May 4, 2009 at 3:01 PM 
Anonymous Anonymous said...

Bruce, any word on Rafalski for game 3? Does he provide anything that was missing in Games 1 and 2?

May 4, 2009 at 3:31 PM 
Anonymous Anonymous said...


Clearly not using shots on goal as the criteria.

However, Osgood has faced tougher chances, with more traffic in front, and has made the tougher saves.

Hiller is stopping 30 shots he has a clear line of sight on. Everything else?

He's good at embellishing glove saves, though. And 4 of the 5 goals he's let in this series have been soft.

Don't let the shot count fool you. Bruce is right, Osgood has been the better goaltender.

The Wings are playing their classic role of making the opposing goaltender look better than he actually is.

May 4, 2009 at 4:28 PM 
Anonymous lilja4mvp said...

"The Red Wings have the better goalie in this series which bodes well"
hard to make a statement like this when hiller stops 59. osgood gave the wings more then enough to win the game, but the winning goal could have been stopped.

by the way...shouldn't these crazy joe louis boards be benefiting us more than other teams? why is ozzie always the one getting beat by them instead of the other way around? you would think playing around 300 games there might help...

does datsyuk have the flu? someone might want to let him know that getzlaf had the same amount of points yesterday that datsyuk has had in the last 9 games. hart trophy candidate? hello? probably a good time to step it up, my friend.

May 4, 2009 at 4:53 PM 
Blogger Bruce MacLeod said...

Sorry, no word from me on Rafalski. My paper isn't sending me on the road any more. Having Rafalski in the fold would make a difference in that it would strengthen the Wings' advantage of depth. Those six D would be better than the five-D rotation used now.
As for Ozzie ... He's controlling the shots better than Hiller. Hiller, at times, is fighting it.
I'm not sure why anyone would think that the winning goal in Game 2 "could have been stopped" unless it means any shot could have been stopped in theory. Niedermayer had a clear path up the middle to screen/deflect. The shot was high and against the grain with the D-man late getting out on it. Tough situation for a goalie.
The backboard carom is tricky and it should benefit the Wings more than the opposition. To me, Ozzie plays it right. He can't start playing back in his net in case of a short-side shot. And he'd have to be on his goal line to allow himself to get across the net. That would be a disaster to play there. I think the problem is the weak-side defense. Someone has to be on the forward who's standing alone on the weak side if you want to guard against such plays.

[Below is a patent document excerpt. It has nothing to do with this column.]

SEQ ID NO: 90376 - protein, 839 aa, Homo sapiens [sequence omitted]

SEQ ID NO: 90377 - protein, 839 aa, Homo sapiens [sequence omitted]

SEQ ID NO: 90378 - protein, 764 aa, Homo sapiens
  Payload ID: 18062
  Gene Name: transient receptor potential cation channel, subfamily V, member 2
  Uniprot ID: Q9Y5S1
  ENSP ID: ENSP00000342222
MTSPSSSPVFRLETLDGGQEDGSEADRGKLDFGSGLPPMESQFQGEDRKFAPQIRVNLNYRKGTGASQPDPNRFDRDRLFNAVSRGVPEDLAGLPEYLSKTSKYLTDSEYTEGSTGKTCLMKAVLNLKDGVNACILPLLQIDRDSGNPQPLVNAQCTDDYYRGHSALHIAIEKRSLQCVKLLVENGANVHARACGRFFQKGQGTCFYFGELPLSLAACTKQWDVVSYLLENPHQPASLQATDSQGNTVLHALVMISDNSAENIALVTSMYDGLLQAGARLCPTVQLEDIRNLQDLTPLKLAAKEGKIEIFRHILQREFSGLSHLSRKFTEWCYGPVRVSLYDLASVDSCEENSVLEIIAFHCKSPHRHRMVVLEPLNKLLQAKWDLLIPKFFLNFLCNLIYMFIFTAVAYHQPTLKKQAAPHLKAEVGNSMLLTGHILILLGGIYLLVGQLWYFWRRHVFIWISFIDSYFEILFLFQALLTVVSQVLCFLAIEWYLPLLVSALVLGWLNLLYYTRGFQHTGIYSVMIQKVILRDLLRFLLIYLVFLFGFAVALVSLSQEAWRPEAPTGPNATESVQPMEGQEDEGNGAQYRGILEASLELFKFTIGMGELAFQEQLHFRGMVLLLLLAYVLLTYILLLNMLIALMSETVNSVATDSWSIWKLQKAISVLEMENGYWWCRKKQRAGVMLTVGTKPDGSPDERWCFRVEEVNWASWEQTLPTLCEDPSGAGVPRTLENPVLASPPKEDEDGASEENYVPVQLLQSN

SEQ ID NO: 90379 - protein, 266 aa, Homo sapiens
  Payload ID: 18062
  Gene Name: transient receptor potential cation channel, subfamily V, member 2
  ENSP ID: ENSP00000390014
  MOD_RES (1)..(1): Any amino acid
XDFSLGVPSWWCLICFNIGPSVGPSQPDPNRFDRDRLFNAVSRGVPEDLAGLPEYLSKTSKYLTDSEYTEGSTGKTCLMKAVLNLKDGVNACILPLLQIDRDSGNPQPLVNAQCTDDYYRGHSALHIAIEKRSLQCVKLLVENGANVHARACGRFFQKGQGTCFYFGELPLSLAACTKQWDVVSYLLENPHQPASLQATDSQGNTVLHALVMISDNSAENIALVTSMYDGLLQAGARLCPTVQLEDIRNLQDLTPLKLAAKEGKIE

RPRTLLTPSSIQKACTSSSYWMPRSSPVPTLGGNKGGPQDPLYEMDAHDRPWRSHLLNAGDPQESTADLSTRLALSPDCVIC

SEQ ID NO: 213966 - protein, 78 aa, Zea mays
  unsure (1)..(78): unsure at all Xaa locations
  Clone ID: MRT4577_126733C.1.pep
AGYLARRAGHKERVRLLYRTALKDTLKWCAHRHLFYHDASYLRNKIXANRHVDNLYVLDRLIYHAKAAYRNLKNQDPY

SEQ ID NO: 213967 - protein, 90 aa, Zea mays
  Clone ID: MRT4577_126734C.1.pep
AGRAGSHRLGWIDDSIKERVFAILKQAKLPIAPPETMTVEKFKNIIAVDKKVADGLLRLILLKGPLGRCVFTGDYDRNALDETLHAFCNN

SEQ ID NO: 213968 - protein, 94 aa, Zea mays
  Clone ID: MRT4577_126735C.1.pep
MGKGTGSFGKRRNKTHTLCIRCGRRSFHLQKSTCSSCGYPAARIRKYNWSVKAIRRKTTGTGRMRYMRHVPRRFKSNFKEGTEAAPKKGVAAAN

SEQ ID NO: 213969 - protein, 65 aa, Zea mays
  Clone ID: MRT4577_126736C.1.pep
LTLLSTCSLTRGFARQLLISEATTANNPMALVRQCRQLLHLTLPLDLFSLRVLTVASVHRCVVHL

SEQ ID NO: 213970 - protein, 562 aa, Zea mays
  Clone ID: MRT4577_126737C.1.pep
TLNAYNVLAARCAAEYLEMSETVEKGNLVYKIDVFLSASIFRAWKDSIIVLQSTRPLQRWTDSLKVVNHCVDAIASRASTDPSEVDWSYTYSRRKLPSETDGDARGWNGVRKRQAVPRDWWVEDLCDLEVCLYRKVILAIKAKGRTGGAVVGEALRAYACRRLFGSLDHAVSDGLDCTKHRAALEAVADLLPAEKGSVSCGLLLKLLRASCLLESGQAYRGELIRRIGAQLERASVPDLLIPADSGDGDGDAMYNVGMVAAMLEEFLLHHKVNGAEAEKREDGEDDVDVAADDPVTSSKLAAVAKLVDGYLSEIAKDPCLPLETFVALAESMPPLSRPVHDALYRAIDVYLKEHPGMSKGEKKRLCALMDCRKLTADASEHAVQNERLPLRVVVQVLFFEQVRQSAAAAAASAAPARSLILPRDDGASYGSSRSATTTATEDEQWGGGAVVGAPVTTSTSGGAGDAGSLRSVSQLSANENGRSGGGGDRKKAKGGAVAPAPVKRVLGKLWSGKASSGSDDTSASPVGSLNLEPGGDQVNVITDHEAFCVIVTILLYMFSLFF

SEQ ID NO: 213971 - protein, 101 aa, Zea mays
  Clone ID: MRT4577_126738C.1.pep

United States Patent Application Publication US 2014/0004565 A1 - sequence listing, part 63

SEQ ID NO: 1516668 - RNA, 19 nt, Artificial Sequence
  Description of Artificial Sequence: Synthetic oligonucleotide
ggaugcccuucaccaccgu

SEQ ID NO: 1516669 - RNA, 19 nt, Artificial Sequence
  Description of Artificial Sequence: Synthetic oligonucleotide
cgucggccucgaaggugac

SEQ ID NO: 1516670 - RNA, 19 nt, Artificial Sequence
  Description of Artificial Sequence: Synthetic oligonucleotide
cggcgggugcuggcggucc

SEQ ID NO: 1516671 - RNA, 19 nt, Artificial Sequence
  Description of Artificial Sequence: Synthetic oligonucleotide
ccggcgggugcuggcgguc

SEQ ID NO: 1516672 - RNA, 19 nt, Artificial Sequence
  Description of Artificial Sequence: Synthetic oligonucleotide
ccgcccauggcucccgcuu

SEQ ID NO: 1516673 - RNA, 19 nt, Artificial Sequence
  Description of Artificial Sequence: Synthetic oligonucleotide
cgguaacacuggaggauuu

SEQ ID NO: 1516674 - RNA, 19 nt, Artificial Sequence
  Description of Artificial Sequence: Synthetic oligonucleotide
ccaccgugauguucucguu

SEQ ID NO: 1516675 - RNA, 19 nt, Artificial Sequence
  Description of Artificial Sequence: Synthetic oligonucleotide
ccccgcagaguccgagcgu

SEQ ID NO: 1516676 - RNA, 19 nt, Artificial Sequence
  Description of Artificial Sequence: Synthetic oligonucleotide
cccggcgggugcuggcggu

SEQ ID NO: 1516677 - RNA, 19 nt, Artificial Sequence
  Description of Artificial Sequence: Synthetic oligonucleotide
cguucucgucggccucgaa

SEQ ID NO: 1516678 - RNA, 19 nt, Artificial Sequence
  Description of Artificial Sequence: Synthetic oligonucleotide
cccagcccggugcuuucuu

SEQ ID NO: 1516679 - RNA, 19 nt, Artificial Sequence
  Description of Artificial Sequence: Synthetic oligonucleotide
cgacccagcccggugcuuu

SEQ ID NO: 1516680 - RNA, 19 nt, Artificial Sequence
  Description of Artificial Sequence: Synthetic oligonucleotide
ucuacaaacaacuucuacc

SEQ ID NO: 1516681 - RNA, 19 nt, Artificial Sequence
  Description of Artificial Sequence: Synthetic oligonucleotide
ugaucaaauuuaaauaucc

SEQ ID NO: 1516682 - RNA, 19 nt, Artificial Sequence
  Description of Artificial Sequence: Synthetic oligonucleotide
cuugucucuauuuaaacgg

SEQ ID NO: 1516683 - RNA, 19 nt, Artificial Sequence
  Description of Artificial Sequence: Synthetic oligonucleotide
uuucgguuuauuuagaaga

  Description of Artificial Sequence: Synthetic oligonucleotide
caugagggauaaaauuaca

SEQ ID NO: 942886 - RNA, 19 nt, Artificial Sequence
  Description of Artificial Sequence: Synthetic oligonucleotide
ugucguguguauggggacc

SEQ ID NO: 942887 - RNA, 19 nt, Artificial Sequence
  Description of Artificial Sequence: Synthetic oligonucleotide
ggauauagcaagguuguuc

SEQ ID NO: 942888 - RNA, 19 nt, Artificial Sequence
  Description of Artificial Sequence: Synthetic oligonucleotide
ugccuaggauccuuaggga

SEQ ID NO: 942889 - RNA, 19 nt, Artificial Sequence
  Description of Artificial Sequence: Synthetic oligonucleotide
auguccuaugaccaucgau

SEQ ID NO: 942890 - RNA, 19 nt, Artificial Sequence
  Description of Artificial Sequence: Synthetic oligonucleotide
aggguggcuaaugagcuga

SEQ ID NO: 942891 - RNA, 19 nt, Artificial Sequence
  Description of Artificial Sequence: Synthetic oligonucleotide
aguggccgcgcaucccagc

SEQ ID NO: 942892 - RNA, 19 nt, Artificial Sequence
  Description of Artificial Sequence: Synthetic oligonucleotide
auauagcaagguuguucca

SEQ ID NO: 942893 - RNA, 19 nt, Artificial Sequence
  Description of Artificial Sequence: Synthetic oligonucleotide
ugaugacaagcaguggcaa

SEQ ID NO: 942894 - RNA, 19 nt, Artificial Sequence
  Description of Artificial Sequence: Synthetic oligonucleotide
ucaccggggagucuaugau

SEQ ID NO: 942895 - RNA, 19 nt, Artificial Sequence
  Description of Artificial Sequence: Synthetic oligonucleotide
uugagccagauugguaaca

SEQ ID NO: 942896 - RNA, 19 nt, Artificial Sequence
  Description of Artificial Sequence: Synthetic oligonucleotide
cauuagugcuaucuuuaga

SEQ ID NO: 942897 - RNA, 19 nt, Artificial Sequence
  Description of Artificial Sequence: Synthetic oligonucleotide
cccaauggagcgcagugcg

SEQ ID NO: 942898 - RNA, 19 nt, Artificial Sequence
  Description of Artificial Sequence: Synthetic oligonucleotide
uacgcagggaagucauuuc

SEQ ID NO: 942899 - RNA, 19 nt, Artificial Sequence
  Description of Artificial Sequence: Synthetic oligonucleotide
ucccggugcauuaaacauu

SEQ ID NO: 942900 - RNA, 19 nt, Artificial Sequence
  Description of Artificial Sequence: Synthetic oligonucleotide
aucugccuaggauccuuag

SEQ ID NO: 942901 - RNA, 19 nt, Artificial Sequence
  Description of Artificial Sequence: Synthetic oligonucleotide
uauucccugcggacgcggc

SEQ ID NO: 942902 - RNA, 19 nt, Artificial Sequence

May 4, 2009 at 5:11 PM 
Anonymous Anonymous said...

Hossa needs to pick it up offensively if the Wings are going to win this series. He appears to not be playing as confident with the puck as he did in the regular season. In my opinion, Datsyuk is dogging it out there as well. He must play with more urgency.

May 4, 2009 at 6:02 PM 
Anonymous Anonymous said...

Excellent analysis, Bruce.

Finally, someone who realizes that the goaltender doesn't play in a vacuum.

Hiller has not had to move anything more than his glove in order to make a save over the past two games. The Wings have not forced him to move. Not once.

Furthermore, 2 of the 3 goals Hiller gave up in Game 1 were soft, as were 2 of the 3 he gave up yesterday.

Lilja, you're calling GWG in 3OT "soft", when it was a far better shot than 4 of the 6 that Hiller has given up thus far this series.

The Ducks are working for their goals, dragging Oz from post to post in order to make saves. The Wings are potting softies through the five hole, and squibbing between Hiller and the post for their tallies.

May 4, 2009 at 6:16 PM 
Anonymous Hannibal said...

I'm not holding my breath on Hossa since he has never been known as a clutch playoff performer. Him not showing up in the playoffs was a big factor in Ottawa and Atlanta laying such big eggs in the playoffs this decade. IMHO Babcock should put the twins back together again and get the dominant top line going again.

May 4, 2009 at 9:01 PM 
Anonymous Ryan said...

I think if Anaheim gets the first goal in G3, it won't be long before Babcock switches to Datsyuk-Zetterberg-Holmstrom, Filppula-Franzen-Hossa, and Helm-Cleary-Samuelsson/Hudler. He could even rotate Holmstrom and Cleary in and out of the top line, depending on whether they're starting with an O-zone or D-zone faceoff. Helm was unreal last night, and when he plays like that, he can easily handle third line minutes. Filppula's been good enough for second line duty too, although it'd be a shame to lose his chemistry with Hudler and Samuelsson.

Maybe Datsyuk is sick. The drop-off was pretty sudden, for the last three games of the regular season and all the playoff games since then. Then again, maybe it's just that he's spending less time playing with Lidstrom now. I do think he's gotten better each game, but it still looks like he's overthinking some stuff.

May 4, 2009 at 9:55 PM